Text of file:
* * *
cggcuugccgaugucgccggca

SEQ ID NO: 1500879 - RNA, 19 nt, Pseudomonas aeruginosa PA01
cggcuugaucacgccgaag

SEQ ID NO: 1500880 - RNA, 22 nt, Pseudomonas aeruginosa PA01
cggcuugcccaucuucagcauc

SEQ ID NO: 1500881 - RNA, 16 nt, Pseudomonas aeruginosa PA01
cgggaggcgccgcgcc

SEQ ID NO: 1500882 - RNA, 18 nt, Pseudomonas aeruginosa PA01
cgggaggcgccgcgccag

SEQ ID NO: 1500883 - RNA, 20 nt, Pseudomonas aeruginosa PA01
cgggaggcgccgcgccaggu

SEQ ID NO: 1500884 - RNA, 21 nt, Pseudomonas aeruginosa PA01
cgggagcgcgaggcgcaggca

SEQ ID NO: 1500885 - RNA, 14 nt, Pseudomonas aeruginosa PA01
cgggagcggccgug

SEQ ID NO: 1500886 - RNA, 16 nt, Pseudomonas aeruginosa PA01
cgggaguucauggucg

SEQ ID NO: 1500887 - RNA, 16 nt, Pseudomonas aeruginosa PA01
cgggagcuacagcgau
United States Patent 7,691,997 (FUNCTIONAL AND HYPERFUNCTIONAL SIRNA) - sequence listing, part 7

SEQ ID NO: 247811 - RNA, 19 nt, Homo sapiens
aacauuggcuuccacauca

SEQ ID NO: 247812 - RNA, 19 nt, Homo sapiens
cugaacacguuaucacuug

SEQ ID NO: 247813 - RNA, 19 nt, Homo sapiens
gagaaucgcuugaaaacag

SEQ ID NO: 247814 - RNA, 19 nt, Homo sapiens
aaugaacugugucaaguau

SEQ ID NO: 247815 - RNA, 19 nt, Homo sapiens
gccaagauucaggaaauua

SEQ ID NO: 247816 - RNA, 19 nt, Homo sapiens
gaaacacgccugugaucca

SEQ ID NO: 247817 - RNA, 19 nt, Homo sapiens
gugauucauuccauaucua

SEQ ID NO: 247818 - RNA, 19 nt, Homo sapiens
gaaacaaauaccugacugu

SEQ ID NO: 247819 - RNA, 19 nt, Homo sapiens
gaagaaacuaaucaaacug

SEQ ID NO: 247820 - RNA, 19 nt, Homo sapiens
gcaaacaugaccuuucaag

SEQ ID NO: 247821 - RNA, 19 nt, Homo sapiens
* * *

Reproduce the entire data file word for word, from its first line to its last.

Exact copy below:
cggcuugccgaugucgccggca

SEQ ID NO: 1500879 - RNA, 19 nt, Pseudomonas aeruginosa PA01
cggcuugaucacgccgaag

SEQ ID NO: 1500880 - RNA, 22 nt, Pseudomonas aeruginosa PA01
cggcuugcccaucuucagcauc

SEQ ID NO: 1500881 - RNA, 16 nt, Pseudomonas aeruginosa PA01
cgggaggcgccgcgcc

SEQ ID NO: 1500882 - RNA, 18 nt, Pseudomonas aeruginosa PA01
cgggaggcgccgcgccag

SEQ ID NO: 1500883 - RNA, 20 nt, Pseudomonas aeruginosa PA01
cgggaggcgccgcgccaggu

SEQ ID NO: 1500884 - RNA, 21 nt, Pseudomonas aeruginosa PA01
cgggagcgcgaggcgcaggca

SEQ ID NO: 1500885 - RNA, 14 nt, Pseudomonas aeruginosa PA01
cgggagcggccgug

SEQ ID NO: 1500886 - RNA, 16 nt, Pseudomonas aeruginosa PA01
cgggaguucauggucg

SEQ ID NO: 1500887 - RNA, 16 nt, Pseudomonas aeruginosa PA01
cgggagcuacagcgau
United States Patent 7,691,997 (FUNCTIONAL AND HYPERFUNCTIONAL SIRNA) - sequence listing, part 7

SEQ ID NO: 247811 - RNA, 19 nt, Homo sapiens
aacauuggcuuccacauca

SEQ ID NO: 247812 - RNA, 19 nt, Homo sapiens
cugaacacguuaucacuug

SEQ ID NO: 247813 - RNA, 19 nt, Homo sapiens
gagaaucgcuugaaaacag

SEQ ID NO: 247814 - RNA, 19 nt, Homo sapiens
aaugaacugugucaaguau

SEQ ID NO: 247815 - RNA, 19 nt, Homo sapiens
gccaagauucaggaaauua

SEQ ID NO: 247816 - RNA, 19 nt, Homo sapiens
gaaacacgccugugaucca

SEQ ID NO: 247817 - RNA, 19 nt, Homo sapiens
gugauucauuccauaucua

SEQ ID NO: 247818 - RNA, 19 nt, Homo sapiens
gaaacaaauaccugacugu

SEQ ID NO: 247819 - RNA, 19 nt, Homo sapiens
gaagaaacuaaucaaacug

SEQ ID NO: 247820 - RNA, 19 nt, Homo sapiens
gcaaacaugaccuuucaag

SEQ ID NO: 247821 - RNA, 19 nt, Homo sapiens